Published September 26, 2017
Attorneys for a white former St. Louis police officer accused of murder in the shooting death of a black man nearly six years ago rested their client's case Tuesday after he testified he saw the man with a handgun before the deadly gunfire and perceived him as an imminent threat.
Jason Stockley's testimony that he saw a firearm in Anthony Lamar Smith's hand before a chase that preceded the December 2011 gunfire that killed Smith counters prosecutors' claims that Stockley planted a gun in Smith's car after shooting him.
A judge will decide the case involving Stockley, who is charged with first-degree murder and armed criminal action. It was not immediately clear when attorneys for both sides would summarize their cases for the judge.
Stockley, 36, testified he and his partner witnessed what they thought was a drug transaction involving the 24-year-old Smith, who Stockley said then used his car to twice strike the police vehicle. Stockley said he saw Smith holding a silver revolver as the man sped away. After a three-mile chase that reached at least 87 mph through neighborhoods before Smith's car crashed, Stockley repeatedly shot Smith, believing Smith was reaching for a gun and was an "imminent threat" to his own life, that of his partner and St. Louis citizens.
"I was rattled, to say the least," the St. Louis Post-Dispatch quoted Stockley as testifying about his demeanor immediately after the shooting. "I just had to shoot someone. Whatever the normal human response to that would be, it's not a good one."
During cross examination, prosecutor Robert Steele focused on why Stockley violated departmental policy by carrying his personal AK-47 pistol while on duty and why Stockley — not the at least 10 other officers at the scene — searched Smith's car after the shooting. Stockley said he knew he was violating policy but that he recently had been on the scene of several homicides at which military-grade shell casings were found — and that "I valued the lives of my and the other officers more than the policy."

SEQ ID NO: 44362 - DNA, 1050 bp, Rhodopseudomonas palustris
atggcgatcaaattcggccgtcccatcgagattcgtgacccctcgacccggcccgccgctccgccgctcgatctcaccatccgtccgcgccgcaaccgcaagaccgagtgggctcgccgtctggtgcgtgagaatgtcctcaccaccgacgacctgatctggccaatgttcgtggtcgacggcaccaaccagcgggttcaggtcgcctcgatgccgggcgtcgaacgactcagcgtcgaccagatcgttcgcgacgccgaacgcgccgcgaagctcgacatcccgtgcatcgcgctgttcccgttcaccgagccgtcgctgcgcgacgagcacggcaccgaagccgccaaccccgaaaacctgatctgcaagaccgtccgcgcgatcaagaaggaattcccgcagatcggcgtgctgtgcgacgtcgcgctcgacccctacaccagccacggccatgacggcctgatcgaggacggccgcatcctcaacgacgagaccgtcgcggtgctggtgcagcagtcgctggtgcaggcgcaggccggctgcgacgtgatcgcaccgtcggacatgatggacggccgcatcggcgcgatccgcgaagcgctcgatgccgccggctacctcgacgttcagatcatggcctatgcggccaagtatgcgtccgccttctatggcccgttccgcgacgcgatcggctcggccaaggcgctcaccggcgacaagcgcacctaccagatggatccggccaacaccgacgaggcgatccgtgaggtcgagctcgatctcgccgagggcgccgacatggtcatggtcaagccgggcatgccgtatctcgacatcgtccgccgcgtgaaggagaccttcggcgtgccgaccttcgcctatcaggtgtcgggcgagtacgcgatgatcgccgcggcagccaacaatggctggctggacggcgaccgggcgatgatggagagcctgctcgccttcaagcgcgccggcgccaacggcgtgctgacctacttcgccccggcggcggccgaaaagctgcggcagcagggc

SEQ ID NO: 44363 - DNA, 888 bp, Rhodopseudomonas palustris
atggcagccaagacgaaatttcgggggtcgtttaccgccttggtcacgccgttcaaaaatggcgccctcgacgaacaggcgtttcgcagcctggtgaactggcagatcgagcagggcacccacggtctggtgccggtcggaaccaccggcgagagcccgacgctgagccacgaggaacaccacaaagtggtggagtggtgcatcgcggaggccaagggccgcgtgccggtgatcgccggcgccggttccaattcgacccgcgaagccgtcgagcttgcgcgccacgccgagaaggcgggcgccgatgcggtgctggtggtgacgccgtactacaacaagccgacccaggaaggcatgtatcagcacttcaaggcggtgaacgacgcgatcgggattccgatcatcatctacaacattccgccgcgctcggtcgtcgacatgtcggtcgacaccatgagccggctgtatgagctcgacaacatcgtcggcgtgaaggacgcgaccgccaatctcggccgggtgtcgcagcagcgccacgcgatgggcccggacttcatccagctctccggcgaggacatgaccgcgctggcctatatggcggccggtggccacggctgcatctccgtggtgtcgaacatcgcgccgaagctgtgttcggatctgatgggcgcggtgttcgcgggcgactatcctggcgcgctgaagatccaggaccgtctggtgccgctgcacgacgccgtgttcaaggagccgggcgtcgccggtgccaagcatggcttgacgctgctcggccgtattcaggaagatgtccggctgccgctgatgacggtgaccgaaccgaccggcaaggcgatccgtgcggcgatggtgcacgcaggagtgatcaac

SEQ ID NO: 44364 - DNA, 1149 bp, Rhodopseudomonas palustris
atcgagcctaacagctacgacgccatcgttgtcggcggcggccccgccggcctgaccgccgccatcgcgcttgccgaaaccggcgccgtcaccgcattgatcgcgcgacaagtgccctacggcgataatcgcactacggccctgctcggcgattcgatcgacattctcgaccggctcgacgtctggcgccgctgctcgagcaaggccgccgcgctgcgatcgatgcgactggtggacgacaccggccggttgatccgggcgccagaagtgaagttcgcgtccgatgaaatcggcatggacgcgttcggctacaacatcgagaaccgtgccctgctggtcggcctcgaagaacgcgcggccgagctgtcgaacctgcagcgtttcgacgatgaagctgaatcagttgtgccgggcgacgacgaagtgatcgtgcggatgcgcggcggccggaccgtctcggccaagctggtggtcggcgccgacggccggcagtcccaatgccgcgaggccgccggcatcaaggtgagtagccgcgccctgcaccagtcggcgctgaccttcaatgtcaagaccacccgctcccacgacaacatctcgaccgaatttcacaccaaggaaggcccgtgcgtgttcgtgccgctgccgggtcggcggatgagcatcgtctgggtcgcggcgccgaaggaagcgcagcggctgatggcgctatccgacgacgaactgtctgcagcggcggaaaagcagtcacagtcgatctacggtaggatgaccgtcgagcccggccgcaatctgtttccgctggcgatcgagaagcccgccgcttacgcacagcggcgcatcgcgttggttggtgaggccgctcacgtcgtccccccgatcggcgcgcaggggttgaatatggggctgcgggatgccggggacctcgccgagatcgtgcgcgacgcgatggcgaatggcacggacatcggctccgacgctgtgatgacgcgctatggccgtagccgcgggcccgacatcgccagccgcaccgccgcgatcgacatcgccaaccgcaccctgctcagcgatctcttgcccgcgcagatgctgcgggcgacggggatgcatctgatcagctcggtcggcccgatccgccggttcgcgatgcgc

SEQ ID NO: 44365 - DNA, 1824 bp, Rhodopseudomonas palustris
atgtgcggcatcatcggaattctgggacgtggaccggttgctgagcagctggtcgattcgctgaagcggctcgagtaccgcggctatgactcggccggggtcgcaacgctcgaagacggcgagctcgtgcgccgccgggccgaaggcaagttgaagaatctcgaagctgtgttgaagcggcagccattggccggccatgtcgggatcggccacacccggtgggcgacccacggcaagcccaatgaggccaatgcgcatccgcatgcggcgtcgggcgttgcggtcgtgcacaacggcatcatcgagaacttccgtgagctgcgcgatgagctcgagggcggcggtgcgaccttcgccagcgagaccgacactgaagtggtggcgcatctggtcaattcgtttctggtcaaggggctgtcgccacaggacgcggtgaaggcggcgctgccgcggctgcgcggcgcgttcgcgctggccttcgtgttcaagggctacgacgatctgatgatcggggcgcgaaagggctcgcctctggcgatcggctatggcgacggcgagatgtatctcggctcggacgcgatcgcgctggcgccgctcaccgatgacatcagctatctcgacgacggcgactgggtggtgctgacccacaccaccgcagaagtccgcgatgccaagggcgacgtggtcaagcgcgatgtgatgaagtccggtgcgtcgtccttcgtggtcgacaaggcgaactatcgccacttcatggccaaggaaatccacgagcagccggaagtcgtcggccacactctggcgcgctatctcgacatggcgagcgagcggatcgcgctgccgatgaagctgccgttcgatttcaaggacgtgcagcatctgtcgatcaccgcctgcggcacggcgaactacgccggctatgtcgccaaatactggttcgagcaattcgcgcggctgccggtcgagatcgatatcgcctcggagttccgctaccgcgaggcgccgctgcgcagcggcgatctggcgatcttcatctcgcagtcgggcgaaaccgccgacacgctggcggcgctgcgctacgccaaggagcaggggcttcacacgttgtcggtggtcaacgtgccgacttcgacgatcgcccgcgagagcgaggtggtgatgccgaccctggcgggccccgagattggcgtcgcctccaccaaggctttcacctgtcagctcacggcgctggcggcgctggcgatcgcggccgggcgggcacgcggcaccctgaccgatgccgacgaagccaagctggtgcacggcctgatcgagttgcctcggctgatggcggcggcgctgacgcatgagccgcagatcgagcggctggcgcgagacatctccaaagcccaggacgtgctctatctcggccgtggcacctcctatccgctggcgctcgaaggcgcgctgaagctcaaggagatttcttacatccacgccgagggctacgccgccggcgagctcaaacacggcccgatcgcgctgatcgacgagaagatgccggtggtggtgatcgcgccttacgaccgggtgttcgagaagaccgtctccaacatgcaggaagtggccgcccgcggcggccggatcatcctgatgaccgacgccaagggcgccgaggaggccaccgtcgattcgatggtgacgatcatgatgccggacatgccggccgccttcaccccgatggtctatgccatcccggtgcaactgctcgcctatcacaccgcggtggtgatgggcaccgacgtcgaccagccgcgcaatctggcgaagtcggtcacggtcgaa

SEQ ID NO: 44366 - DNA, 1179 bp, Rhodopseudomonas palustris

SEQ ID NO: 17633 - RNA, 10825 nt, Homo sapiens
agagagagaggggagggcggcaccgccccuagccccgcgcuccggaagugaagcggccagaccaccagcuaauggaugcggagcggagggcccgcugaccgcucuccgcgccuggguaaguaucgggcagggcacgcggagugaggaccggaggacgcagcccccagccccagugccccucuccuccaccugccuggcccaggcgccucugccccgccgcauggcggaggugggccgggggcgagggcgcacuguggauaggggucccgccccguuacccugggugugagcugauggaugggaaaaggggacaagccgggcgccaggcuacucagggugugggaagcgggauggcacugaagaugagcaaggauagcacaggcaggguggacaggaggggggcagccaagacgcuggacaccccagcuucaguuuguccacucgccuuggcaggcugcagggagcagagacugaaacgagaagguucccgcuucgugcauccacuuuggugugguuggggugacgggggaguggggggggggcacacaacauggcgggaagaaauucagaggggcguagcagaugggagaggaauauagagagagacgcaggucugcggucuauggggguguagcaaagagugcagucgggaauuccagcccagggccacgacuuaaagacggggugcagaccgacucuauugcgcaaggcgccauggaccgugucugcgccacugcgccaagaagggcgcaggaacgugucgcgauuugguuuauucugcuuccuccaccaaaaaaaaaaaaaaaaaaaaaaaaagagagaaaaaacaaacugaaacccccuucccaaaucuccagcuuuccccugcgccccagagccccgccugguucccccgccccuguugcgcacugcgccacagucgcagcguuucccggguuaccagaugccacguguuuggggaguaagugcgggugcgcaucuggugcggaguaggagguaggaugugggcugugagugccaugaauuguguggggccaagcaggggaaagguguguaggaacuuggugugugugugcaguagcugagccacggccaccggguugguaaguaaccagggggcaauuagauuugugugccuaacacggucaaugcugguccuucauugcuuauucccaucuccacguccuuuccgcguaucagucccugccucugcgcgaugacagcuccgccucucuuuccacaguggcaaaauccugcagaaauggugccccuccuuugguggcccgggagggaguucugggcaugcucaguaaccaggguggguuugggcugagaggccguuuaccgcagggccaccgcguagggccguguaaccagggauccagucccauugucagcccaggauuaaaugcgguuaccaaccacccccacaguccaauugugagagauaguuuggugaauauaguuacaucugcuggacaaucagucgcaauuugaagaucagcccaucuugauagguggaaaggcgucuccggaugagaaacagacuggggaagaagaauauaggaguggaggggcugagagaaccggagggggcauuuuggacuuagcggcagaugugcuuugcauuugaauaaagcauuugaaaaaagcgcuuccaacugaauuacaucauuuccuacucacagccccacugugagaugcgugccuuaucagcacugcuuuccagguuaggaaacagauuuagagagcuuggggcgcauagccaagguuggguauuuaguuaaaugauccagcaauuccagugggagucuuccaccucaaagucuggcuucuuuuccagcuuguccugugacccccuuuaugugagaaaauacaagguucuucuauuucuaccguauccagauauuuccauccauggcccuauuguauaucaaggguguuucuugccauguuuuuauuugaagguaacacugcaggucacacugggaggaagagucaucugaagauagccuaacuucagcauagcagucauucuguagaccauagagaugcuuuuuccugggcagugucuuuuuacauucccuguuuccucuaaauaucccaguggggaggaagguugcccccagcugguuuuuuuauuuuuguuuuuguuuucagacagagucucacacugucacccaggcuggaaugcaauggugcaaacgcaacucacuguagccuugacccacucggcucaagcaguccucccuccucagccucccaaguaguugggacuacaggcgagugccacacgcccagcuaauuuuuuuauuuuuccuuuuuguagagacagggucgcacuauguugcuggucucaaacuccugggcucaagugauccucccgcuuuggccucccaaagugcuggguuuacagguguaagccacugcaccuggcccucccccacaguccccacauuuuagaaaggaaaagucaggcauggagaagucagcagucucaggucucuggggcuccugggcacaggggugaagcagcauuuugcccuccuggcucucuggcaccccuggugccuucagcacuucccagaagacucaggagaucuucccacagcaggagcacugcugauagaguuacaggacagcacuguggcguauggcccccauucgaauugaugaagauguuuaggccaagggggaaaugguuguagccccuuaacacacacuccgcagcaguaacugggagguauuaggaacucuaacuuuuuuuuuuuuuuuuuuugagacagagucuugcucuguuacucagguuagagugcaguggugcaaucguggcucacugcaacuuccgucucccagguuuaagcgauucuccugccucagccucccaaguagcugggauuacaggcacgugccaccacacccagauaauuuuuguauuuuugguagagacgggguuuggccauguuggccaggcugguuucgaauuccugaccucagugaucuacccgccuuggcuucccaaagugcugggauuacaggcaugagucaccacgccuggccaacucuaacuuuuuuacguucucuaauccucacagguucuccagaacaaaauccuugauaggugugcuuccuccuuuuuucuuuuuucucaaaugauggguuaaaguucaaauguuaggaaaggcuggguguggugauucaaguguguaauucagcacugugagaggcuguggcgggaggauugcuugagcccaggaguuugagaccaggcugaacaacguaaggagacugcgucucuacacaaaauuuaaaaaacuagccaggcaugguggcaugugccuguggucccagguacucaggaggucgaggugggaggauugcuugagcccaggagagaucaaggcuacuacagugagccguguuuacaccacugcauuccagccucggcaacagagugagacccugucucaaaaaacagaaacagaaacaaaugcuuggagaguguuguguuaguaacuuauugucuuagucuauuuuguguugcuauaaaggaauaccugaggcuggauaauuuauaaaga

After Stockley and his partner rear-ended Smith's car, both officers got out before Stockley approached Smith's car. Stockley said he recalled lifting up the deployed driver's-side airbag and not seeing a gun but that Smith appeared to be reaching for something between the center console and the passenger seat.
Stockley testified that Smith's facial expression changed, marking "the moment where I believed the suspect retrieved the weapon that was in the car."
"I thought his gun might come up and shoot at me," Stockley said.
Stockley fired several shots into the car, killing Smith. Stockley returned to his police SUV and put his AK-47 back inside. Stockley testified that he want to Smith's car in search of the suspect's gun and found a revolver on the floor between the center console and passenger seat.
Police reports said Stockley's DNA — not Smith's — was on the .38-caliber revolver police said was found in Smith's car.
"The first time I ever touched that gun was inside the suspect's vehicle," Stockley testified, refuting claims that he had placed the gun in the car.